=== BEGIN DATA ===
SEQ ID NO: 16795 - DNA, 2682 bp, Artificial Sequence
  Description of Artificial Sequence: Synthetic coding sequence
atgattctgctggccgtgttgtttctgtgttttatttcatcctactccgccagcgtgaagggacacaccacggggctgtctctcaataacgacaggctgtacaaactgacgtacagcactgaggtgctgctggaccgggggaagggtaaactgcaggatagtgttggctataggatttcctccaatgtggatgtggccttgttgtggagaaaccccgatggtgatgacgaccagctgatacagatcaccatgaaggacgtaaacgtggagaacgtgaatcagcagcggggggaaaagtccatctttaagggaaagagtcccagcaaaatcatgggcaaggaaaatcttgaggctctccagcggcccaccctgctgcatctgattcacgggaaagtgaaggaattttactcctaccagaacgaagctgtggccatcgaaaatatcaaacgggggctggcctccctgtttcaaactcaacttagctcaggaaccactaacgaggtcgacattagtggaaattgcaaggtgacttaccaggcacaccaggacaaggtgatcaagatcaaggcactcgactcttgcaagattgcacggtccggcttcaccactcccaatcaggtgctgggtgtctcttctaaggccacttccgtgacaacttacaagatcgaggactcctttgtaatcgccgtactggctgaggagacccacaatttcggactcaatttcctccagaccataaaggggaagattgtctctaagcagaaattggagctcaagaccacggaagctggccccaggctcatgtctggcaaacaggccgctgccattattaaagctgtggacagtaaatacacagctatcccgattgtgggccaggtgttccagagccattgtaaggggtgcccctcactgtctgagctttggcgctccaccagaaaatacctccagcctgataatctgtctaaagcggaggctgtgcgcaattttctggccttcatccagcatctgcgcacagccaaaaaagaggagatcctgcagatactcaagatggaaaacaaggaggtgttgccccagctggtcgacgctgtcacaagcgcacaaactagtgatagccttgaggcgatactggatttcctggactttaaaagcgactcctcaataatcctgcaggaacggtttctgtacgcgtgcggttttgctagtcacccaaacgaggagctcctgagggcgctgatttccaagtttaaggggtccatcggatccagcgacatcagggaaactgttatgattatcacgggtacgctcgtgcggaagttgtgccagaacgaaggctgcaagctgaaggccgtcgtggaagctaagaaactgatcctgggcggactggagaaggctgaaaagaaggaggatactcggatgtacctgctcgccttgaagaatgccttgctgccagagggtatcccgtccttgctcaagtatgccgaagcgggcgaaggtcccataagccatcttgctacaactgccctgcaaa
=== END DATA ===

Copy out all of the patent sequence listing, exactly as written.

SEQ ID NO: 16795 - DNA, 2682 bp, Artificial Sequence
  Description of Artificial Sequence: Synthetic coding sequence
atgattctgctggccgtgttgtttctgtgttttatttcatcctactccgccagcgtgaagggacacaccacggggctgtctctcaataacgacaggctgtacaaactgacgtacagcactgaggtgctgctggaccgggggaagggtaaactgcaggatagtgttggctataggatttcctccaatgtggatgtggccttgttgtggagaaaccccgatggtgatgacgaccagctgatacagatcaccatgaaggacgtaaacgtggagaacgtgaatcagcagcggggggaaaagtccatctttaagggaaagagtcccagcaaaatcatgggcaaggaaaatcttgaggctctccagcggcccaccctgctgcatctgattcacgggaaagtgaaggaattttactcctaccagaacgaagctgtggccatcgaaaatatcaaacgggggctggcctccctgtttcaaactcaacttagctcaggaaccactaacgaggtcgacattagtggaaattgcaaggtgacttaccaggcacaccaggacaaggtgatcaagatcaaggcactcgactcttgcaagattgcacggtccggcttcaccactcccaatcaggtgctgggtgtctcttctaaggccacttccgtgacaacttacaagatcgaggactcctttgtaatcgccgtactggctgaggagacccacaatttcggactcaatttcctccagaccataaaggggaagattgtctctaagcagaaattggagctcaagaccacggaagctggccccaggctcatgtctggcaaacaggccgctgccattattaaagctgtggacagtaaatacacagctatcccgattgtgggccaggtgttccagagccattgtaaggggtgcccctcactgtctgagctttggcgctccaccagaaaatacctccagcctgataatctgtctaaagcggaggctgtgcgcaattttctggccttcatccagcatctgcgcacagccaaaaaagaggagatcctgcagatactcaagatggaaaacaaggaggtgttgccccagctggtcgacgctgtcacaagcgcacaaactagtgatagccttgaggcgatactggatttcctggactttaaaagcgactcctcaataatcctgcaggaacggtttctgtacgcgtgcggttttgctagtcacccaaacgaggagctcctgagggcgctgatttccaagtttaaggggtccatcggatccagcgacatcagggaaactgttatgattatcacgggtacgctcgtgcggaagttgtgccagaacgaaggctgcaagctgaaggccgtcgtggaagctaagaaactgatcctgggcggactggagaaggctgaaaagaaggaggatactcggatgtacctgctcgccttgaagaatgccttgctgccagagggtatcccgtccttgctcaagtatgccgaagcgggcgaaggtcccataagccatcttgctacaactgccctgcaaa